Curated by Judy Gaudet
Brudenell, PEI Nov 27
Beyond the south-faced river windows
the deck sits damp, a skim of pocked ice
melts softly from its Wolmanized floor.
Yesterday’s expanse of snow-laden lawn
reclaims its pale green garb of faded summer:
cupped pale leaves strewn like pie-crust shells
unraked remnants of the autumnal décor,
the reds and yellows of drowsy maple and aspen
strewn here and there, knots on an antique quilt.
Now skeletal, arms like posing ballerinas,
the trees alert and naked in this winter thaw
profiled against a silken haze that hides
away the world beyond the lawn’s horizon,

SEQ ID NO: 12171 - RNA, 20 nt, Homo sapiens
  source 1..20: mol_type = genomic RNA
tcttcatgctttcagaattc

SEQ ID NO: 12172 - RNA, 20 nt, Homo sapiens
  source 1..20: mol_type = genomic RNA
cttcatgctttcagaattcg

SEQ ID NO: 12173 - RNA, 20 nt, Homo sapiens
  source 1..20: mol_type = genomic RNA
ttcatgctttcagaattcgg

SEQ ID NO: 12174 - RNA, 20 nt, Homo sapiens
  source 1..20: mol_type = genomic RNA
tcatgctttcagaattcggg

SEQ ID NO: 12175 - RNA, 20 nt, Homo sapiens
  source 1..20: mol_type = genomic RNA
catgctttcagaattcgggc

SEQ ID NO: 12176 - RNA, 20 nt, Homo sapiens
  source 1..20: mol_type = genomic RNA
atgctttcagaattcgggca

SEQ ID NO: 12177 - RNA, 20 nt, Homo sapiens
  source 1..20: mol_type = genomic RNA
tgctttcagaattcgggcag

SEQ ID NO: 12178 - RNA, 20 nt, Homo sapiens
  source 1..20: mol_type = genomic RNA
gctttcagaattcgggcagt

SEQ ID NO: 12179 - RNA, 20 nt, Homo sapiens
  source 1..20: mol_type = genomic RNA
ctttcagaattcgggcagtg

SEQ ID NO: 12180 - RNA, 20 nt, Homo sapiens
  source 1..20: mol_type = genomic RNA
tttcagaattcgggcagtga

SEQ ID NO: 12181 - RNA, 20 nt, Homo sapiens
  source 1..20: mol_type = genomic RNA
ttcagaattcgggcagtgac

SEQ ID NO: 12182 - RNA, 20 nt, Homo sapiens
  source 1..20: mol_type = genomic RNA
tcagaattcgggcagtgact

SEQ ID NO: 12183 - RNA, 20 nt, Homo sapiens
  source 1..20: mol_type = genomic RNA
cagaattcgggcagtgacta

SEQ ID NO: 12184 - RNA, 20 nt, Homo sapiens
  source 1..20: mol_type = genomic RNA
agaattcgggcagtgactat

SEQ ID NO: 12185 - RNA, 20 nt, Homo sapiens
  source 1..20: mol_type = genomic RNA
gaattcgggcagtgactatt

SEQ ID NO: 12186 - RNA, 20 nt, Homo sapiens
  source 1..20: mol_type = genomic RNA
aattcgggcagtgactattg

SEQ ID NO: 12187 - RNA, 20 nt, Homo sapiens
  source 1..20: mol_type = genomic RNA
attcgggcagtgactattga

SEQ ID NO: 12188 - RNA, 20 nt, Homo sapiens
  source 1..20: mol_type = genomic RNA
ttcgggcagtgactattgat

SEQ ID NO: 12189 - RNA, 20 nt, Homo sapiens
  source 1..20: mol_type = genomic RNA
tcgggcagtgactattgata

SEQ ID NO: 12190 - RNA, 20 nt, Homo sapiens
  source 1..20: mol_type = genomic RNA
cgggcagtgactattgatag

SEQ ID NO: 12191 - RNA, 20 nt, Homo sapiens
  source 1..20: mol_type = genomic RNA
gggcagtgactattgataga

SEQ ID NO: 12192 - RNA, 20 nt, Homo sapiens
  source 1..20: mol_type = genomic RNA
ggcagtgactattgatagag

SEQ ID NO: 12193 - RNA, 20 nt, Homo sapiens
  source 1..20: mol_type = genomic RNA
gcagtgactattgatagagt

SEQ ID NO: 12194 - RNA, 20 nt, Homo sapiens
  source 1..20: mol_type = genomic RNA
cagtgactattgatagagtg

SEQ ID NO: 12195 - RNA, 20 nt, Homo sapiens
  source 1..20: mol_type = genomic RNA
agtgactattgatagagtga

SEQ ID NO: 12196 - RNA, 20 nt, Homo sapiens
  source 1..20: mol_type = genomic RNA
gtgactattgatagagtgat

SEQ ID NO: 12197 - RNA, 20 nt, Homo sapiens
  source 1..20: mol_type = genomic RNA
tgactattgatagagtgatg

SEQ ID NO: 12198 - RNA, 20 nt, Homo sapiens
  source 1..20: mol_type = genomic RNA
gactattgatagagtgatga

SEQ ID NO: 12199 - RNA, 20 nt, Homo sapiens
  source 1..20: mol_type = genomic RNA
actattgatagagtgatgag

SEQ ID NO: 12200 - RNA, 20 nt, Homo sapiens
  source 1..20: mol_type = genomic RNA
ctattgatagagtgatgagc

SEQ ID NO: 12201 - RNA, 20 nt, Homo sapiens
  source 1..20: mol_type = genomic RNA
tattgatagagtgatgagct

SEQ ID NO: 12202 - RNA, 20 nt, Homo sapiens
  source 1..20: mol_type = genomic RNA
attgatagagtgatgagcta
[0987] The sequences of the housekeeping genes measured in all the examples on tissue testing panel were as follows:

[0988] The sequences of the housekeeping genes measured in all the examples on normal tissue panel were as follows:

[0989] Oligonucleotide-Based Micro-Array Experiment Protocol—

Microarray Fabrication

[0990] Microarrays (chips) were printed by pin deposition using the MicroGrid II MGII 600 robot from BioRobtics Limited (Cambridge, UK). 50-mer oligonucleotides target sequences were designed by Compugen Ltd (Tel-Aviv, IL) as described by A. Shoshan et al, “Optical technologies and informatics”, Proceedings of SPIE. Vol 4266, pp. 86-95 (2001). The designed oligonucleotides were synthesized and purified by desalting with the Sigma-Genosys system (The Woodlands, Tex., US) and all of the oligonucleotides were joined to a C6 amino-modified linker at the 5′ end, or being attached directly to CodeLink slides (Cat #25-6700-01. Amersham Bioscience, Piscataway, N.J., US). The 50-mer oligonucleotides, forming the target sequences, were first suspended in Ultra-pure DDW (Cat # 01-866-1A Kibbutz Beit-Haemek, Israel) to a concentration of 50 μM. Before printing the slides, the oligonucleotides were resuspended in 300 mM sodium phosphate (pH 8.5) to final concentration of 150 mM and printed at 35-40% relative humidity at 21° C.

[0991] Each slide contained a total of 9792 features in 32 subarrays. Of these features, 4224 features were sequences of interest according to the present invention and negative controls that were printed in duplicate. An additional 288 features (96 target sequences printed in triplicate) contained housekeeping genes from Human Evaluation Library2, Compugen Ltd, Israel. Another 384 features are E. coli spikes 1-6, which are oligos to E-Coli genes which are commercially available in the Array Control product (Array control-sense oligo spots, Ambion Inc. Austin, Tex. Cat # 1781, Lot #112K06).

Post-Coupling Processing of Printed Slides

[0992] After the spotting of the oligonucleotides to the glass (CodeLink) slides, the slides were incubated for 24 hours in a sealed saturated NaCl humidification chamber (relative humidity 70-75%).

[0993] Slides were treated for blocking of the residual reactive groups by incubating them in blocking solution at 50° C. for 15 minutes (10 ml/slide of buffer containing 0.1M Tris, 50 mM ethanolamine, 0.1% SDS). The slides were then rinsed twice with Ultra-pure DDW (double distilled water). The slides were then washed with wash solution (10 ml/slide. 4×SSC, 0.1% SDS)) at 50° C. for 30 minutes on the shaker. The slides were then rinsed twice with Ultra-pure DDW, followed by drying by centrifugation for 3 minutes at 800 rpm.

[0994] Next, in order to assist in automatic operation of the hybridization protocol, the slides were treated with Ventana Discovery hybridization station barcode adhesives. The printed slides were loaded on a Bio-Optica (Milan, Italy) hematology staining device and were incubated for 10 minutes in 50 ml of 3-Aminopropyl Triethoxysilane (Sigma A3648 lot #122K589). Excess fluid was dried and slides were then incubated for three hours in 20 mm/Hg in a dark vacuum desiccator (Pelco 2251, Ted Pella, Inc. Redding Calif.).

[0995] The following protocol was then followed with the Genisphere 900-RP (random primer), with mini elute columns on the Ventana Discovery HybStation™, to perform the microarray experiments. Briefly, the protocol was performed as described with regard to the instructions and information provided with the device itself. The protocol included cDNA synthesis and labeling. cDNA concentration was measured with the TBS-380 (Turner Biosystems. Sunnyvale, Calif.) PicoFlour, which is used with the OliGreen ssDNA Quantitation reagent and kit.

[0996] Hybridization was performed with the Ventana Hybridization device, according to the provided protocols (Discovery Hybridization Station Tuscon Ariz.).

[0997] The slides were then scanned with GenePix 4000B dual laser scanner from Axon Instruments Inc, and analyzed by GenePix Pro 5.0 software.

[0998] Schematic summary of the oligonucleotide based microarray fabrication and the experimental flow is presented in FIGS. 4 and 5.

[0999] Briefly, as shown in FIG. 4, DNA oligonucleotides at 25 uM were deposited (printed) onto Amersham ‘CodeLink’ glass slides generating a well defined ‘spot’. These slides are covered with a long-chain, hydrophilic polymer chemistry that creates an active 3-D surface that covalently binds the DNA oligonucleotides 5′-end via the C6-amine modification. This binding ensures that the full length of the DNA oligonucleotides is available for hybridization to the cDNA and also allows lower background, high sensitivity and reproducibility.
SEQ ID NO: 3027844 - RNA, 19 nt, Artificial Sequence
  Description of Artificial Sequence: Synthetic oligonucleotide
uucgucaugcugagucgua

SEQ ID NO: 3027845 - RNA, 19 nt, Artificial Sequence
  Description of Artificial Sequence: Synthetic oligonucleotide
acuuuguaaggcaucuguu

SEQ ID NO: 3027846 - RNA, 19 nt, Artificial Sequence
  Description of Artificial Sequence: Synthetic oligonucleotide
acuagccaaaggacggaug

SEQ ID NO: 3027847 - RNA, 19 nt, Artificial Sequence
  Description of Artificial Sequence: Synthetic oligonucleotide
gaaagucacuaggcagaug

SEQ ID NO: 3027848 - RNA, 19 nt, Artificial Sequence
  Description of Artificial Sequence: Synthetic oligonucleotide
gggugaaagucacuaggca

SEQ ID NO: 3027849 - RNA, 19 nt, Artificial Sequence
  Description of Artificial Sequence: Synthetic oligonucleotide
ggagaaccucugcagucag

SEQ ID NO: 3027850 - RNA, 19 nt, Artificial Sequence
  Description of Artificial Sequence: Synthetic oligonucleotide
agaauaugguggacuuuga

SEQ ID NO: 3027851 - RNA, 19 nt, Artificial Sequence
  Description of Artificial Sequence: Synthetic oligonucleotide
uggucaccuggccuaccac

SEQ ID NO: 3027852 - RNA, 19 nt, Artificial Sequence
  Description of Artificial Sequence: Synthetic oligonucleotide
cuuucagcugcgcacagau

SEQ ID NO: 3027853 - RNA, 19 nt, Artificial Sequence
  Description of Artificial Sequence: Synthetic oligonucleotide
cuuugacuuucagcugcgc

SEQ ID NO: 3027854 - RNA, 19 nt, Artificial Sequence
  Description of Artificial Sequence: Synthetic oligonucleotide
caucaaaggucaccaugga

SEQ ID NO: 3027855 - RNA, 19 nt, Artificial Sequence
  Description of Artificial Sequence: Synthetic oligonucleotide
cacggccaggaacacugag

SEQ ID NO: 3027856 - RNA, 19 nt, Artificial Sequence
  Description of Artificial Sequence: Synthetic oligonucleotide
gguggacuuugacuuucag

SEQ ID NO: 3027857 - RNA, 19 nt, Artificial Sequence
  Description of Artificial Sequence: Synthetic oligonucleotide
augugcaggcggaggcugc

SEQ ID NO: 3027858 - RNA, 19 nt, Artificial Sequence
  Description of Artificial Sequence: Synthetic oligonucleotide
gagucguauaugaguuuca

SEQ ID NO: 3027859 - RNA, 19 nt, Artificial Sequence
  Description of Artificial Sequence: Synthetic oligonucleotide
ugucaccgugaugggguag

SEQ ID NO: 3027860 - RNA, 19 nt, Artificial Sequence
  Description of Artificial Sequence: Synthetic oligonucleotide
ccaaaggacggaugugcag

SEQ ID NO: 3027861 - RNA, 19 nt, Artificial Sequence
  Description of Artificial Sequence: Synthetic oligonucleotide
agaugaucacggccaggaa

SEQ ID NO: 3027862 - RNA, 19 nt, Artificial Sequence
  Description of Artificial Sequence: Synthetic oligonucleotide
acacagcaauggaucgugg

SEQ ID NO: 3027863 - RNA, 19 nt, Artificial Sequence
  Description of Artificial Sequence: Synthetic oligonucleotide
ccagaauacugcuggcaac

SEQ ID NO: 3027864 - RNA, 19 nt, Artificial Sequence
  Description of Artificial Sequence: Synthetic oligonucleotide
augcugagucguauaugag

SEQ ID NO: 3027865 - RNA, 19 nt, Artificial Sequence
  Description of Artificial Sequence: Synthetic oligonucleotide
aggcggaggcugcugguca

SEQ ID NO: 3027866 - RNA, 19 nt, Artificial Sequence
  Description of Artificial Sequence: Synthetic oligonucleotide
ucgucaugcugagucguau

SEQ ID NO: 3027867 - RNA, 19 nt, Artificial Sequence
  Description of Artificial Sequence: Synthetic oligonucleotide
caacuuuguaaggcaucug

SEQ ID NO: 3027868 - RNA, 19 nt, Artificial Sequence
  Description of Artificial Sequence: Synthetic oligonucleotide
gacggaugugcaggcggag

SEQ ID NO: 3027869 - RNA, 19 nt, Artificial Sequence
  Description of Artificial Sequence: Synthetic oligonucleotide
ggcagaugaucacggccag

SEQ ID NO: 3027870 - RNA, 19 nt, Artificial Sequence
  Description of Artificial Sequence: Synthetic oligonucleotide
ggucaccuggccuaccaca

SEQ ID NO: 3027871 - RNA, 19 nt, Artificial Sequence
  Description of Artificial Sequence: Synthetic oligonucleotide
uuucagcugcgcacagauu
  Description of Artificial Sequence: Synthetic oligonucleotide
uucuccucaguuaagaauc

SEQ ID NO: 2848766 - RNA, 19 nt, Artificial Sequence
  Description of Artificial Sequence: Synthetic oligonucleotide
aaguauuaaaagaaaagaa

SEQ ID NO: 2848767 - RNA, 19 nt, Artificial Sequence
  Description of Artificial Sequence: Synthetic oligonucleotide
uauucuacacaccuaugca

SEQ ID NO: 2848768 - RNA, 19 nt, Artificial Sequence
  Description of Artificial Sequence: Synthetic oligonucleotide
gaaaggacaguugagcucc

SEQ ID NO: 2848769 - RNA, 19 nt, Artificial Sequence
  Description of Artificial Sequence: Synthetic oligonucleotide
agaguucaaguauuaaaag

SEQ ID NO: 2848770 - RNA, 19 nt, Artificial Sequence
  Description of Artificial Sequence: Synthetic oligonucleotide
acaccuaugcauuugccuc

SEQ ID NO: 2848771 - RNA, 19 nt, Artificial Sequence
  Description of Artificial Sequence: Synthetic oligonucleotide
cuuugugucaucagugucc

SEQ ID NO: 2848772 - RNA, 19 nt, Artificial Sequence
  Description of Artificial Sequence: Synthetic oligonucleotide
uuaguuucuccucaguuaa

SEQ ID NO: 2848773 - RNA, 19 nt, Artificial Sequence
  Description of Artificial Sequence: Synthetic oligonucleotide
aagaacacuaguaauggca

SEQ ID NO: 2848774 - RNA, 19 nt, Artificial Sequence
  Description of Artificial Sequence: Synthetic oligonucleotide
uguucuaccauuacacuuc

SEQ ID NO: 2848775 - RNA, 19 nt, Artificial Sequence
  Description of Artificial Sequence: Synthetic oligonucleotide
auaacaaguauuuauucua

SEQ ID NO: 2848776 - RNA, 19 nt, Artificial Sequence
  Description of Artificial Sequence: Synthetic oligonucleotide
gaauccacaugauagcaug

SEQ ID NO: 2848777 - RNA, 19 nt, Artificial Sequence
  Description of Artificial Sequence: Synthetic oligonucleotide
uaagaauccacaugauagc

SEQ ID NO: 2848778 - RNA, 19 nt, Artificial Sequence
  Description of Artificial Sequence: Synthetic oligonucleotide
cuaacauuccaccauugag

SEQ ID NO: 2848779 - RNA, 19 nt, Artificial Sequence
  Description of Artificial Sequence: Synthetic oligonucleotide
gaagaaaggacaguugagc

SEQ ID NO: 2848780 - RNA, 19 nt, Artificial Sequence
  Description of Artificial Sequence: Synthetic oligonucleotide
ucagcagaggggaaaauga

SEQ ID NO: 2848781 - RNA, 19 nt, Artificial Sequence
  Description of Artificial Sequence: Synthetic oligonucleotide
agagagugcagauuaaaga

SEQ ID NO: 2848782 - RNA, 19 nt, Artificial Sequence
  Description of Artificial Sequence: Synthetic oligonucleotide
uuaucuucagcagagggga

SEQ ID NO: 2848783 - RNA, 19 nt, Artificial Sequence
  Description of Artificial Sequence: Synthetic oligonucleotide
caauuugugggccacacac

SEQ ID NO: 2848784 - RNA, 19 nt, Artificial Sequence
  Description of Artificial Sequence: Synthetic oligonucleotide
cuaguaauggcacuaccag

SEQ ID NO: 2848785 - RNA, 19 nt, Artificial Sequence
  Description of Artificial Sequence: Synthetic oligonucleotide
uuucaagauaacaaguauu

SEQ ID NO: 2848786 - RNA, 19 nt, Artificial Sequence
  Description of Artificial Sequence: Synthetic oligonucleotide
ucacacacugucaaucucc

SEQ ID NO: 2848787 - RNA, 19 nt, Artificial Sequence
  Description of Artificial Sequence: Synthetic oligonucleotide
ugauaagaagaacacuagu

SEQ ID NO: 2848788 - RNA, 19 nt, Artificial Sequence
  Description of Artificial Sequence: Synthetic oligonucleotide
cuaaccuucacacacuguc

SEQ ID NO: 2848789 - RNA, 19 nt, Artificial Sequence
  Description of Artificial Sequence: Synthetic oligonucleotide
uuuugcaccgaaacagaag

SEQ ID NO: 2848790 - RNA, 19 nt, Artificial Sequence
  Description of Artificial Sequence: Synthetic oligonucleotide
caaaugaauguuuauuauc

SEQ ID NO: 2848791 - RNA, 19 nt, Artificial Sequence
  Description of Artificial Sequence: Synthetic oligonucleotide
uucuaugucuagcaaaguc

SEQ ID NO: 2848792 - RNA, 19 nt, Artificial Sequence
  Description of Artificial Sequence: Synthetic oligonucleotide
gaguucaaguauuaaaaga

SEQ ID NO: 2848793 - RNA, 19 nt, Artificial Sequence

I sit at our table, lost in Follett’s Whiteout,
sip comfortably on the day’s best cup of tea
when sudden telltale honks of fleeing geese
left to right, east to west, sound their approach.
I raise my eyes above the trees to watch…
instead like strafing fighter jets they swoop,
dark shapes skim by in a grey soup dawn
at the earth’s edge where water ought to flow,
ghosts pierce the murky morning river fog.
They pass, explode upon my absent-minded calm.
then fade like a million unspoken memories.
—Hugh MacDonald from This is A Love Song, Black Moss Press, 2011.
Island poet and avid poetry reader Judy Gaudet selects a poem by a PEI poet each month.
Judy's latest book is Conversation with Crows (Oberon,2014)